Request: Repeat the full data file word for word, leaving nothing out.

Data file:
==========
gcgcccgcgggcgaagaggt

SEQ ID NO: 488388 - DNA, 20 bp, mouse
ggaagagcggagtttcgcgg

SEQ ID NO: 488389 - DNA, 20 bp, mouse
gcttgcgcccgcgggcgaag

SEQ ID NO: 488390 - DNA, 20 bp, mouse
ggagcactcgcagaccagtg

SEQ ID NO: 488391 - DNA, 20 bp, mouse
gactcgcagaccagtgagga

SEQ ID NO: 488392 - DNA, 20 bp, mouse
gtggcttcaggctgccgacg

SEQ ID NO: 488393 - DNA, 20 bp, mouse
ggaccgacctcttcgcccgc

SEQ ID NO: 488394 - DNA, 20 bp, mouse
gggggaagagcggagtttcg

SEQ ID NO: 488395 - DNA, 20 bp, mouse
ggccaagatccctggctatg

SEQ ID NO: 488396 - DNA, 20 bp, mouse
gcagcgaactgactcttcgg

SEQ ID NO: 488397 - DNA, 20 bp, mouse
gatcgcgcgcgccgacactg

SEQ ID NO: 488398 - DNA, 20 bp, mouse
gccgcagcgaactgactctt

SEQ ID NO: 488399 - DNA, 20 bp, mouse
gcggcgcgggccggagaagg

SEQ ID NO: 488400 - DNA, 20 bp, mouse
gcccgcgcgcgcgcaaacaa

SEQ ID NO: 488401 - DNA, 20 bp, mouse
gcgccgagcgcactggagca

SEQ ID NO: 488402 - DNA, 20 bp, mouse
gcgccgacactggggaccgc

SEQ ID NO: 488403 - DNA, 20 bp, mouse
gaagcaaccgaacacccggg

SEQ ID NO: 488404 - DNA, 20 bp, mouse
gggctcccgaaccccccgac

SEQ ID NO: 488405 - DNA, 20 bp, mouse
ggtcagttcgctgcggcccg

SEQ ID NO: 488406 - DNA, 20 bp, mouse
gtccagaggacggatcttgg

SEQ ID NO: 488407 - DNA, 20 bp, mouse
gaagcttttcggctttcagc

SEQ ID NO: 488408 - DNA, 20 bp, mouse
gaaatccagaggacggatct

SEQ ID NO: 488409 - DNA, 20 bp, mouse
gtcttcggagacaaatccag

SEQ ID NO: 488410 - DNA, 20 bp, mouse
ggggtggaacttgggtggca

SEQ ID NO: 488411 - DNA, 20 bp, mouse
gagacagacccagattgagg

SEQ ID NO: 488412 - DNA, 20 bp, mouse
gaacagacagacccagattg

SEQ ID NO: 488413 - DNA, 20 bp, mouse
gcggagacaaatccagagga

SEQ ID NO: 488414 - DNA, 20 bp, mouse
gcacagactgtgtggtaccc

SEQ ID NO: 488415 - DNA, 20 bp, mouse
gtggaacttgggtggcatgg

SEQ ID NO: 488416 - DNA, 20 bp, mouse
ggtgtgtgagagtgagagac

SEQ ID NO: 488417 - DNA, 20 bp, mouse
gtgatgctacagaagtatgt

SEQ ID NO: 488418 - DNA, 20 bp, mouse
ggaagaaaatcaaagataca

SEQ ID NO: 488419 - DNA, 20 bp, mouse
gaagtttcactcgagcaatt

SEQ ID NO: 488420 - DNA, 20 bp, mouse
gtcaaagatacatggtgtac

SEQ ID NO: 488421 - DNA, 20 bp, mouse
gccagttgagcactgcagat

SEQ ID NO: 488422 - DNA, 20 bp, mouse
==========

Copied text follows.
gcgcccgcgggcgaagaggt

SEQ ID NO: 488388 - DNA, 20 bp, mouse
ggaagagcggagtttcgcgg

SEQ ID NO: 488389 - DNA, 20 bp, mouse
gcttgcgcccgcgggcgaag

SEQ ID NO: 488390 - DNA, 20 bp, mouse
ggagcactcgcagaccagtg

SEQ ID NO: 488391 - DNA, 20 bp, mouse
gactcgcagaccagtgagga

SEQ ID NO: 488392 - DNA, 20 bp, mouse
gtggcttcaggctgccgacg

SEQ ID NO: 488393 - DNA, 20 bp, mouse
ggaccgacctcttcgcccgc

SEQ ID NO: 488394 - DNA, 20 bp, mouse
gggggaagagcggagtttcg

SEQ ID NO: 488395 - DNA, 20 bp, mouse
ggccaagatccctggctatg

SEQ ID NO: 488396 - DNA, 20 bp, mouse
gcagcgaactgactcttcgg

SEQ ID NO: 488397 - DNA, 20 bp, mouse
gatcgcgcgcgccgacactg

SEQ ID NO: 488398 - DNA, 20 bp, mouse
gccgcagcgaactgactctt

SEQ ID NO: 488399 - DNA, 20 bp, mouse
gcggcgcgggccggagaagg

SEQ ID NO: 488400 - DNA, 20 bp, mouse
gcccgcgcgcgcgcaaacaa

SEQ ID NO: 488401 - DNA, 20 bp, mouse
gcgccgagcgcactggagca

SEQ ID NO: 488402 - DNA, 20 bp, mouse
gcgccgacactggggaccgc

SEQ ID NO: 488403 - DNA, 20 bp, mouse
gaagcaaccgaacacccggg

SEQ ID NO: 488404 - DNA, 20 bp, mouse
gggctcccgaaccccccgac

SEQ ID NO: 488405 - DNA, 20 bp, mouse
ggtcagttcgctgcggcccg

SEQ ID NO: 488406 - DNA, 20 bp, mouse
gtccagaggacggatcttgg

SEQ ID NO: 488407 - DNA, 20 bp, mouse
gaagcttttcggctttcagc

SEQ ID NO: 488408 - DNA, 20 bp, mouse
gaaatccagaggacggatct

SEQ ID NO: 488409 - DNA, 20 bp, mouse
gtcttcggagacaaatccag

SEQ ID NO: 488410 - DNA, 20 bp, mouse
ggggtggaacttgggtggca

SEQ ID NO: 488411 - DNA, 20 bp, mouse
gagacagacccagattgagg

SEQ ID NO: 488412 - DNA, 20 bp, mouse
gaacagacagacccagattg

SEQ ID NO: 488413 - DNA, 20 bp, mouse
gcggagacaaatccagagga

SEQ ID NO: 488414 - DNA, 20 bp, mouse
gcacagactgtgtggtaccc

SEQ ID NO: 488415 - DNA, 20 bp, mouse
gtggaacttgggtggcatgg

SEQ ID NO: 488416 - DNA, 20 bp, mouse
ggtgtgtgagagtgagagac

SEQ ID NO: 488417 - DNA, 20 bp, mouse
gtgatgctacagaagtatgt

SEQ ID NO: 488418 - DNA, 20 bp, mouse
ggaagaaaatcaaagataca

SEQ ID NO: 488419 - DNA, 20 bp, mouse
gaagtttcactcgagcaatt

SEQ ID NO: 488420 - DNA, 20 bp, mouse
gtcaaagatacatggtgtac

SEQ ID NO: 488421 - DNA, 20 bp, mouse
gccagttgagcactgcagat

SEQ ID NO: 488422 - DNA, 20 bp, mouse